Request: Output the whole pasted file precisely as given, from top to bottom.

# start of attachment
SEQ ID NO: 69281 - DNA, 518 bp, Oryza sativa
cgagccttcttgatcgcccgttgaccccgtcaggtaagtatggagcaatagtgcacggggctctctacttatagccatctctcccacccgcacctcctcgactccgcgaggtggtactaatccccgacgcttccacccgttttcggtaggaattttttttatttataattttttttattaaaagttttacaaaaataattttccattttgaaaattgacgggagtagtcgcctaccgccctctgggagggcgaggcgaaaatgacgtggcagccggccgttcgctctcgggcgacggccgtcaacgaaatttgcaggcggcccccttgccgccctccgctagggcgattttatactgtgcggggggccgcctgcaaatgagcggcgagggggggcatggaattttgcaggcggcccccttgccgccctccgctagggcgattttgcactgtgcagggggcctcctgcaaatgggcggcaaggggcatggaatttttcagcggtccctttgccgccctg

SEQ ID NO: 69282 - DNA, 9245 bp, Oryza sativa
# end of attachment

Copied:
SEQ ID NO: 69281 - DNA, 518 bp, Oryza sativa
cgagccttcttgatcgcccgttgaccccgtcaggtaagtatggagcaatagtgcacggggctctctacttatagccatctctcccacccgcacctcctcgactccgcgaggtggtactaatccccgacgcttccacccgttttcggtaggaattttttttatttataattttttttattaaaagttttacaaaaataattttccattttgaaaattgacgggagtagtcgcctaccgccctctgggagggcgaggcgaaaatgacgtggcagccggccgttcgctctcgggcgacggccgtcaacgaaatttgcaggcggcccccttgccgccctccgctagggcgattttatactgtgcggggggccgcctgcaaatgagcggcgagggggggcatggaattttgcaggcggcccccttgccgccctccgctagggcgattttgcactgtgcagggggcctcctgcaaatgggcggcaaggggcatggaatttttcagcggtccctttgccgccctg

SEQ ID NO: 69282 - DNA, 9245 bp, Oryza sativa